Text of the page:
In a resolution, AIYF demanded immediate release of African National Congress leader Nelson Mandela. The conference also hoped that the forthcoming Geneva conference between USA and USSR would come out with positive results.
The ninth conference of AIYF was held from 3 to 6 May 1990 in Cochin (Kerala). Its mammoth rally gave a stirring call to all the progressive, democratic and secular youth organisations to fight for the task. "Save India, Change India".
The conference had the defence of national unity and secularism as its running theme. It decided to organise a march to Parliament on September 13, 1990, with the slogan "Save India, Change India".
600 delegates from all over India attended the Cochin conference. In the end, a declaration was adopted. Several other resolutions were also passed.
AIYF decided to initiate the following campaigns:
It was decided to organise seminars in July 1990 on national unity and secularism, right to work, job or unemployment allowance.
The tenth conference of All India Youth Federation was held from 26 to 29 September 1993 in Sangrur (Punjab). It was attended by 427 delegates, and by 34 foreign guests.
The conference started with a massive rally on 26 September in which thousands of rural youth participated. The rally was addressed by the general secretary of CPI Indrajit Gupta, well known film personality A.K. Hangal, president of WFDY, Andle Yawa and several others.
Eleventh national conference of All India Youth Federation was held in Calcutta from 8 to 11 December 1996. Delegates from at least twenty states had reached Calcutta. Presence of 35 fraternal delegates from different countries greatly inspired the participants. The conference was attended by 869 delegates and 25 observers. The conference demanded creation of a national youth fund to assist generation of self-employment. It urged the government to lift the ban upon recruitment.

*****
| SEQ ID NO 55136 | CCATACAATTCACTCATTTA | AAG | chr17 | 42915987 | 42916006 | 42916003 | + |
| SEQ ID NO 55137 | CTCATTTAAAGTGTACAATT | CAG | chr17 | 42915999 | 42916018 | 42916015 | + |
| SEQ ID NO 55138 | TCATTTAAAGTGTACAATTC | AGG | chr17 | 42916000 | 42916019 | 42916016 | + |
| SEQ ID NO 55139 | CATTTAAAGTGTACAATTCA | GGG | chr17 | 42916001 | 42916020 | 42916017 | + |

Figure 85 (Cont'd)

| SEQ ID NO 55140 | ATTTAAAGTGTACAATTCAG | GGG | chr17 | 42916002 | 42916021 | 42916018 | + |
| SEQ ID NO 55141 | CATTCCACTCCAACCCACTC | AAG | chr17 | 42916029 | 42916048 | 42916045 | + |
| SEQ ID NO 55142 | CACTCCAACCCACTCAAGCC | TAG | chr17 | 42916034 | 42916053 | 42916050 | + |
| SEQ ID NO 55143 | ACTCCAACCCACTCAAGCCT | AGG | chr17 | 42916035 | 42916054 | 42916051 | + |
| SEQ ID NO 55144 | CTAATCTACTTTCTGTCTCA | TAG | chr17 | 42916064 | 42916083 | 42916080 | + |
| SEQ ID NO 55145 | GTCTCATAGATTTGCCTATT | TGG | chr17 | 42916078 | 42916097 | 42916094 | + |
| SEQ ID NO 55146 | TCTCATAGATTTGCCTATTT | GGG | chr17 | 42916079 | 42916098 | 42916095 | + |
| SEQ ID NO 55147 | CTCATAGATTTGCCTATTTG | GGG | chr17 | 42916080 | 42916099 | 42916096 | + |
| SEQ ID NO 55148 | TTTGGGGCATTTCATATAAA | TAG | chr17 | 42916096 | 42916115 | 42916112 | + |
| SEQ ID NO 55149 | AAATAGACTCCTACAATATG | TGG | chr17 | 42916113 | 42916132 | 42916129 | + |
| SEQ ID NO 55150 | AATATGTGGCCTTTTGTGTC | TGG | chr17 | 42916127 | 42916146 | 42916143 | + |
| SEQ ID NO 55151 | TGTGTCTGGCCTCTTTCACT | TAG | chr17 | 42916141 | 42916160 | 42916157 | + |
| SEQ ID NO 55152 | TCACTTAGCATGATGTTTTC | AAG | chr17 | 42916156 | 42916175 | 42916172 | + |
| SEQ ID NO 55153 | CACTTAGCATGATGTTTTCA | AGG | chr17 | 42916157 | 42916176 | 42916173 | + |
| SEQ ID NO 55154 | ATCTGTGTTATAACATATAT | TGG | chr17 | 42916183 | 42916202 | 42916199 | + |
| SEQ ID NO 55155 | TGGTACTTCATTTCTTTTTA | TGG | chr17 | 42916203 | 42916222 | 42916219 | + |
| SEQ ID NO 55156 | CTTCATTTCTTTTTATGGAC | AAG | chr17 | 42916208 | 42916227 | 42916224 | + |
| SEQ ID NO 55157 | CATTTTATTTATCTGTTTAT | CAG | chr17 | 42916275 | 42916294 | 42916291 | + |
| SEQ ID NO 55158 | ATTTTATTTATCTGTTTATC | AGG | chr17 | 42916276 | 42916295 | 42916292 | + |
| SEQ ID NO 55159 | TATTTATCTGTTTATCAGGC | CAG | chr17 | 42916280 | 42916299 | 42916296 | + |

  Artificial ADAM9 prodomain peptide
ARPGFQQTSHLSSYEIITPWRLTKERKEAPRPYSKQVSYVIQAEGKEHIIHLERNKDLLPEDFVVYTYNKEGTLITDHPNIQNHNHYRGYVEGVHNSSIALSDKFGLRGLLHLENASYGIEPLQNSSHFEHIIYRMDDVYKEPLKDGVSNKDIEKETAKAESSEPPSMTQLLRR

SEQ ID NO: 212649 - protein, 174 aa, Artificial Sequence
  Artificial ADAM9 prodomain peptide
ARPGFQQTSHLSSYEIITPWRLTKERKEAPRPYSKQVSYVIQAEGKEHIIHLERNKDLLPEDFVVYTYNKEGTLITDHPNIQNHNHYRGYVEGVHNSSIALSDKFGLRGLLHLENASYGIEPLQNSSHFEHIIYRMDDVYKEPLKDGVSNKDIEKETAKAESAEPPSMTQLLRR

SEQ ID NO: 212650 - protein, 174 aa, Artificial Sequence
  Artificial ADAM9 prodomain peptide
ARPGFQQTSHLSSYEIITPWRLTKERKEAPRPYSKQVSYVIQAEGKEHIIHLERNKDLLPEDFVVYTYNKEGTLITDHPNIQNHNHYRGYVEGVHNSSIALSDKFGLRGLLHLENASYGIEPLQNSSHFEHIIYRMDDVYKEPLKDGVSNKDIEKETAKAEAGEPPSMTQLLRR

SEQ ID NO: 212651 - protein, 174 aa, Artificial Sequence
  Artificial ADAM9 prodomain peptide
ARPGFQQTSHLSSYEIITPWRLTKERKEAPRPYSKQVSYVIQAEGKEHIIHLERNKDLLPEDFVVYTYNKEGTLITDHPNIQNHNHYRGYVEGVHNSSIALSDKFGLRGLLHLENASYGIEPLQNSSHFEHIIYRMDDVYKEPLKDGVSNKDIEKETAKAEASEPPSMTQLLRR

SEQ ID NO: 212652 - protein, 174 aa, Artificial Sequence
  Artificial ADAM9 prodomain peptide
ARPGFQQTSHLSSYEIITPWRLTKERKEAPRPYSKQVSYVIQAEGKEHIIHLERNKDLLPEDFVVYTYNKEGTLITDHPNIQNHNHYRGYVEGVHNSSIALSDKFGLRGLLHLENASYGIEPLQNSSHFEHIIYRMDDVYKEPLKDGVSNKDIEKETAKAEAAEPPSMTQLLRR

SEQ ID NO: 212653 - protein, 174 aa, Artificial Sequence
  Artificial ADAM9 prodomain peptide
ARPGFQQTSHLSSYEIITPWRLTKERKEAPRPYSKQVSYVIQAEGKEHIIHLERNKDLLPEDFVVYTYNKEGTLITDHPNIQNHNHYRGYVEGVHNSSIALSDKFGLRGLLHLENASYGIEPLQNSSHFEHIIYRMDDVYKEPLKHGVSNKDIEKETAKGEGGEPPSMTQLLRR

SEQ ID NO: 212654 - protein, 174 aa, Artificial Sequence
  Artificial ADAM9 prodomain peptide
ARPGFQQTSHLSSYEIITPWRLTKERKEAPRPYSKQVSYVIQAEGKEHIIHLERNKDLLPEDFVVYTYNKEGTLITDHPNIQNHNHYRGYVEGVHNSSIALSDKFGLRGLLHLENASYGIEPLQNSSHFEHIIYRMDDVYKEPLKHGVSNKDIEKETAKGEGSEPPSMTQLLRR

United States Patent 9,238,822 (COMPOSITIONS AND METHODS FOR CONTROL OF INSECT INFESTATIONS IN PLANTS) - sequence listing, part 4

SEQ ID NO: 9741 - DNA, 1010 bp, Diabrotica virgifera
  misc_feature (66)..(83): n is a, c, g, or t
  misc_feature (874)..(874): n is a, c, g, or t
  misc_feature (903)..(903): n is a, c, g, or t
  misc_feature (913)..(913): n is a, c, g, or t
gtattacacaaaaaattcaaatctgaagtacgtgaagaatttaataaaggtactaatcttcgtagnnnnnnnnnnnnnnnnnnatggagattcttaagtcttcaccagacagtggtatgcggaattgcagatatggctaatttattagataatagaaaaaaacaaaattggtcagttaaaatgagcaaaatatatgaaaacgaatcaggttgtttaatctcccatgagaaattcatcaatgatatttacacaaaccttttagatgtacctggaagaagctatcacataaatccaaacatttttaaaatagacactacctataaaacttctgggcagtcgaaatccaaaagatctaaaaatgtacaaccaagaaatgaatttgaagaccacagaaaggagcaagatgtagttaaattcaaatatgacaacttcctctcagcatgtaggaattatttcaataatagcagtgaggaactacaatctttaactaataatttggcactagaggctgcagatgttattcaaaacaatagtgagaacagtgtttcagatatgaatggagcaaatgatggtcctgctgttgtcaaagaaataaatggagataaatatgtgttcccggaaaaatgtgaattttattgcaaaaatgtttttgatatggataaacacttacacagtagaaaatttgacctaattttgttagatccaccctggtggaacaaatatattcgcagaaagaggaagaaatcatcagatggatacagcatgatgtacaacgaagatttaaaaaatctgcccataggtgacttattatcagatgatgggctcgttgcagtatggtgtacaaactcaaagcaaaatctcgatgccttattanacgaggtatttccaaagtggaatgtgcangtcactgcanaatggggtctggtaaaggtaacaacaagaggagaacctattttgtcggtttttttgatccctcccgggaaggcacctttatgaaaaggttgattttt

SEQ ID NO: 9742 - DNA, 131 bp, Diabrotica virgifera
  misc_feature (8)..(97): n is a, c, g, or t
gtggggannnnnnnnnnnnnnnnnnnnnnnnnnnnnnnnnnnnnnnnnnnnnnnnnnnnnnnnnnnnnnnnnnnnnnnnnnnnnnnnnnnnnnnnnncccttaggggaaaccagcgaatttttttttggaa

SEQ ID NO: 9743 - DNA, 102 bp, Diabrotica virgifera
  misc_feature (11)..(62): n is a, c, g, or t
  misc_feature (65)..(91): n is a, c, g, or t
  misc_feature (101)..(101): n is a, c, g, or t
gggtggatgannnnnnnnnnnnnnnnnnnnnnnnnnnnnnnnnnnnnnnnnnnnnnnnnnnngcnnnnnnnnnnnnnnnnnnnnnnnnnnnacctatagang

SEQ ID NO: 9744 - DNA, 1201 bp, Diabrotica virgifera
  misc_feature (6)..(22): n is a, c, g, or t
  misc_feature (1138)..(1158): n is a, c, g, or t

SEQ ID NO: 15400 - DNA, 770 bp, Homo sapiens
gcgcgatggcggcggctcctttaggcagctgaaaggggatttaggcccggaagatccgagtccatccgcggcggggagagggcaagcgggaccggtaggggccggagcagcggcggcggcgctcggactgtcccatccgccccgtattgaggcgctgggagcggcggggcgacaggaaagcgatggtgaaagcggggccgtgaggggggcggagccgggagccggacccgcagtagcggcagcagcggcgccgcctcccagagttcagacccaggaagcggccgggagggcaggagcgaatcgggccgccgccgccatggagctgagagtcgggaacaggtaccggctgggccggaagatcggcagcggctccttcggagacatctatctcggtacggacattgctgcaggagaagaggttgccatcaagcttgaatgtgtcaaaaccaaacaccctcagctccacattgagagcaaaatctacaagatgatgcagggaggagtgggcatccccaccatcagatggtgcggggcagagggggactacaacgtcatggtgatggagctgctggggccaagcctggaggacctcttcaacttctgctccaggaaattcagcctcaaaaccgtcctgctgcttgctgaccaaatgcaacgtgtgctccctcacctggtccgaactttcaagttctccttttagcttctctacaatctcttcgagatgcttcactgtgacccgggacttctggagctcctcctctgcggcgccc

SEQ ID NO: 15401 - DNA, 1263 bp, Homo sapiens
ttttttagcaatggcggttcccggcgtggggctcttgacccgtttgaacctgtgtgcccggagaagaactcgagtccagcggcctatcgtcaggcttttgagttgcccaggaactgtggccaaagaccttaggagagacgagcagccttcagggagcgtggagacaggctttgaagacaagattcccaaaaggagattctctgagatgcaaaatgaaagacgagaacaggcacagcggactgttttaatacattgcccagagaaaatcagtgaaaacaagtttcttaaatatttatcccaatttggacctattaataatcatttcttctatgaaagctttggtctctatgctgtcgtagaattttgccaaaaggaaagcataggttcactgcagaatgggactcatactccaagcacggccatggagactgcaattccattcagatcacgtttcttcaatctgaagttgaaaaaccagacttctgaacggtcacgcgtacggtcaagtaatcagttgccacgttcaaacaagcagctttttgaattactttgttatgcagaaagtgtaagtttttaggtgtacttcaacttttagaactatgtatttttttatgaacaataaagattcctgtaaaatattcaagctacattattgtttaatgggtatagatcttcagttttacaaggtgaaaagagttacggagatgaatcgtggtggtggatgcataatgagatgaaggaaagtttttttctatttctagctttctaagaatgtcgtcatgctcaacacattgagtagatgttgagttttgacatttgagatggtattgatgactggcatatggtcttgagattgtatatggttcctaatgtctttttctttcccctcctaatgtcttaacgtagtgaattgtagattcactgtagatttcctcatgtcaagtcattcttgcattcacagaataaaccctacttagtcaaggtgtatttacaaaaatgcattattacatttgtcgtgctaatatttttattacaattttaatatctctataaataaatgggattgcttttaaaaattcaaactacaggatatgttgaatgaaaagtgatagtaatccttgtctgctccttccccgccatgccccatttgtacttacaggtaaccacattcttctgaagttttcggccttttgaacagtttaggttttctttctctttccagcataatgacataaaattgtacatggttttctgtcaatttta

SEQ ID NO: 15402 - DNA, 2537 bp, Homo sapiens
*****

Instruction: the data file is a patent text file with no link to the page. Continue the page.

The existing National Youth Policy (NYP) did not accord with the present situation, and therefore the UF government should come out with a new NYP. Broad participation of youth from the grass root level in the decision – making process alone could ensure evolution of a comprehensive youth policy aimed at their better future.
The twelfth national conference of the AIYF was held from 2 to 5 April 2003 in Patna (Bihar). It was attended by 600 delegates from 23 states. The conference was also attended by the WFDY president Michael and by fraternal delegates from Sri Lanka, Bangladesh, Nepal and Cuba. The conference adopted a 'Document on Youth Policy' and a 'Youth Declaration and Information on Employment Situation'.
The thirteenth conference of the All India Youth Federation was held from 28 to 31 March 2007 in Sirsa (Haryana). It was attended by 672 delegates from 24 states.
The thirteenth AIYF conference was attended by the fraternal delegates from the WFDY, and from youth organizations of China, Greece, Sri Lanka, Burma, Bangladesh, Nepal and Cuba
|National Conference||Year||Place||General Secretary||President|
|28 April to 3 May 1959||Delhi||Sarada Mitra||Balraj Sahni|
|2||19–21 May 1961||Hyderabad||Sarada Mitra||P.K. Vasudevan Nair|
|3||29 December 1965 to 3 January 1966||Pondicherry||C.K. Chandrappan||Sarada Mitra|
|4||24–26 December 1969||Delhi||C.K. Chandrappan||Joginder Singh Dayal|
|5||17-20 January 1974||Cochin||C.K. Chandrappan||Suravaram Sudhakar Reddy|
|Amarendra Narayan Singh||C.K. Chandrappan|
|6||13-15 May 1979||Hyderabad||Thoppil Gopalakrishnan||Amarendra Narayan Singh|
|7||16-18 January 1983||Patna||Ramakrishna Reddy||Bant Singh Brar|
|8||1-3 November 1985||Bilaspur||D. Raja||L. Sotin Kumar|
|9||3-6, May 1990||Cochin||Rajaji Mathew Thomas||Tara Singh Sandhu|
|10||26-29 September 1993||Sangrur||Rajaji Mathew Thomas||Javed Ali Khan|
|Prem Prakash Sharma|
|11||8-11 December 1996||Calcutta||Soni Thengamom||Sitaram Sharma|
|P. Devender Reddy||Pirthipal Singh|
|13||28-31, March 2007||Sirsa (Haryana)||K. Murugan||P. Sandosh Kumar|
|14||28 September to 1 October 2010||Jalandhar, Punjab||P. Sandosh Kumar||Aftab Alam Khan|
|15||4 to 7 January 2015||Vadodra, Gujarat||R.Thirumalai||Aftab Alam Khan|
|16||7 to 10 January 2022||Hyderabad, Telangana||R. Thirumalai||Sukhjinder Mahesari|
These are the organs of the organisation:
The flag is three units long and two units high. The right two-thirds are red, and the remaining third is sky blue. On the top left corner of the flag is a five-pointed red star.
The red in the flag stands for the revolutionary zeal of the youth and the sky blue symbolises their desire for peace. The red star stands for revolutionary idealism and honesty and the five corners of the star represent the solidarity and friendship of the youth of all five continents.